Stratton replacing Cain in rotation

Stratton replacing Cain in rotation

SAN FRANCISCO -- One of the Giants' more significant items on their list of anticipated personnel moves became reality Thursday, when manager Bruce Bochy named Chris Stratton to replace Matt Cain in the starting rotation.

This wasn't the first time that Stratton and Cain figuratively crossed paths. Last year, for example, the Giants recalled Stratton from Triple-A Sacramento when Cain went on the disabled list with a strained right hamstring in late May. The following month, Stratton was on his way back to Sacramento but U-turned toward the Giants when Cain endured a sudden physical setback.

This changing of the guard could last longer if Stratton, 26, can duplicate the consistency he displayed last season with Sacramento, where he finished 12-6 with a 3.87 ERA. The right-hander is 1-2 with a 6.00 ERA in 11 intermittent appearances for the Giants since last year. He'll make his first appearance in his new role on Saturday when he faces Arizona at AT&T Park.

Stratton, the Giants' No. 1 draft selection (20th overall) in 2012, must shoulder the responsibility of replacing one of the franchise's most successful pitchers.

Cain, 32, is a three-time All-Star who pitched the only perfect game in Giants history on June 13, 2012, against Houston. He compiled a 4-2 record with a 2.10 ERA in the 2010 and '12 postseasons and performed for all three of San Francisco's World Series-winning teams. Cain will now pitch out of the bullpen.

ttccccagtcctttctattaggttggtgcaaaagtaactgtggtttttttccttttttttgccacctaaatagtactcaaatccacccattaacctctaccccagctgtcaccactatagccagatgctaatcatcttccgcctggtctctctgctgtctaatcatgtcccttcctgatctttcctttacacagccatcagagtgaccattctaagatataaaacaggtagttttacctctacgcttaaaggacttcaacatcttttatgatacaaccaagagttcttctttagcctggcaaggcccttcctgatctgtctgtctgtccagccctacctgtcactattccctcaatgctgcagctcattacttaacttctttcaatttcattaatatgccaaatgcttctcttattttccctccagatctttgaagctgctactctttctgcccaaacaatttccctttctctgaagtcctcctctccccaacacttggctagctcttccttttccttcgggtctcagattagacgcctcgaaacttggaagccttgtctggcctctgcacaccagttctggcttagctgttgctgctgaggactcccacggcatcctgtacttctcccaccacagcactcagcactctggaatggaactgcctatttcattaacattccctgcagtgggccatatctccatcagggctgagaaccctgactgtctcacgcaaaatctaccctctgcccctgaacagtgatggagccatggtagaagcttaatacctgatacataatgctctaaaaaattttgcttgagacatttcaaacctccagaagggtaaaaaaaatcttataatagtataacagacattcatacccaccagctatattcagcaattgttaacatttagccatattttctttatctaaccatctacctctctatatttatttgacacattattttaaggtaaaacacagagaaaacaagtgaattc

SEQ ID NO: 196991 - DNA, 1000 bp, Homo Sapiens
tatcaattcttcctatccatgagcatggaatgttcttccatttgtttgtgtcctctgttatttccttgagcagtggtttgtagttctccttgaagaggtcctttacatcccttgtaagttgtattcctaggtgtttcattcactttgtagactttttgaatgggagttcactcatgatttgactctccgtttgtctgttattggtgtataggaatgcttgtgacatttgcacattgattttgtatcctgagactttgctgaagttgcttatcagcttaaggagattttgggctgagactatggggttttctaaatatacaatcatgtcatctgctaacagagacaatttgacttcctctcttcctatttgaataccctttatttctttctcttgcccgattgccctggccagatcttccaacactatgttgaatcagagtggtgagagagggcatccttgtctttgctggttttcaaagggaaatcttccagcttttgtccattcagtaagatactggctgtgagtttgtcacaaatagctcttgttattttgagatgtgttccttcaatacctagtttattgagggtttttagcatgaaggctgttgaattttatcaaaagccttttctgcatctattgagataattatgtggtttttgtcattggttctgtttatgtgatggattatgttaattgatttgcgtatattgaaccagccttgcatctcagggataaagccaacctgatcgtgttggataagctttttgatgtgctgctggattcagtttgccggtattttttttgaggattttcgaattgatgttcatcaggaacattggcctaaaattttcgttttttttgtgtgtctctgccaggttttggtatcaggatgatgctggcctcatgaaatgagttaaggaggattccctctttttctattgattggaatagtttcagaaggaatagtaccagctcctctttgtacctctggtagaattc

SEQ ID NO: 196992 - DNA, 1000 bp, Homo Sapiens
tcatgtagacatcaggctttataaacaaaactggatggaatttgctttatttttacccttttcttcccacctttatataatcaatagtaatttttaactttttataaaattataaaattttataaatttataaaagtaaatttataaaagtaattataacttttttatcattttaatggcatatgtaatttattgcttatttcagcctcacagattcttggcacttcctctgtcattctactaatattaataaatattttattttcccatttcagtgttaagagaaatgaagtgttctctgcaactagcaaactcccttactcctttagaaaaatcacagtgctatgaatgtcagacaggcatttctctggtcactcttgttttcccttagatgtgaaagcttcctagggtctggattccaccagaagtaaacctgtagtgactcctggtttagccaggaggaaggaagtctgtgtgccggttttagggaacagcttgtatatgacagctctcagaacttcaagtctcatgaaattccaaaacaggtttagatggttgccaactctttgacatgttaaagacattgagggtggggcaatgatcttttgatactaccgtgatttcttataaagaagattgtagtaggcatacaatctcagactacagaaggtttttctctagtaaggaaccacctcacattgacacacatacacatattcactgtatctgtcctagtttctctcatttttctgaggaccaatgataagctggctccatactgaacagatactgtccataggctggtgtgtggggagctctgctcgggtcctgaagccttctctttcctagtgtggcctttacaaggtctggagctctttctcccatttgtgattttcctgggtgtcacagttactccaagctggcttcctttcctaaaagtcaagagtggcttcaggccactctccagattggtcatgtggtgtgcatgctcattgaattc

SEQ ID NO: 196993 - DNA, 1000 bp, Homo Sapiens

Injuries have hampered Cain since the 2013 season. This year, he won a spot in the season-opening rotation but pitched himself off it by posting a 3-9 record with a 5.37 ERA. Johnny Cueto's trip to the disabled list gave Cain a brief reprieve from reporting to the bullpen, but this week the club's front office decide to commit itself to giving younger players increased opportunities.

The Giants' leader in terms of continuous service -- he made his big league debut on Aug. 29, 2005 against Colorado -- Cain ranks among the San Francisco-era top 10 in wins (104), innings (2,067) and strikeouts (1,679).

Chris Haft is a reporter for MLB.com. Read his blog, Haft-Baked Ideas, follow him on Twitter at @sfgiantsbeat and listen to his podcast. This story was not subject to the approval of Major League Baseball or its clubs.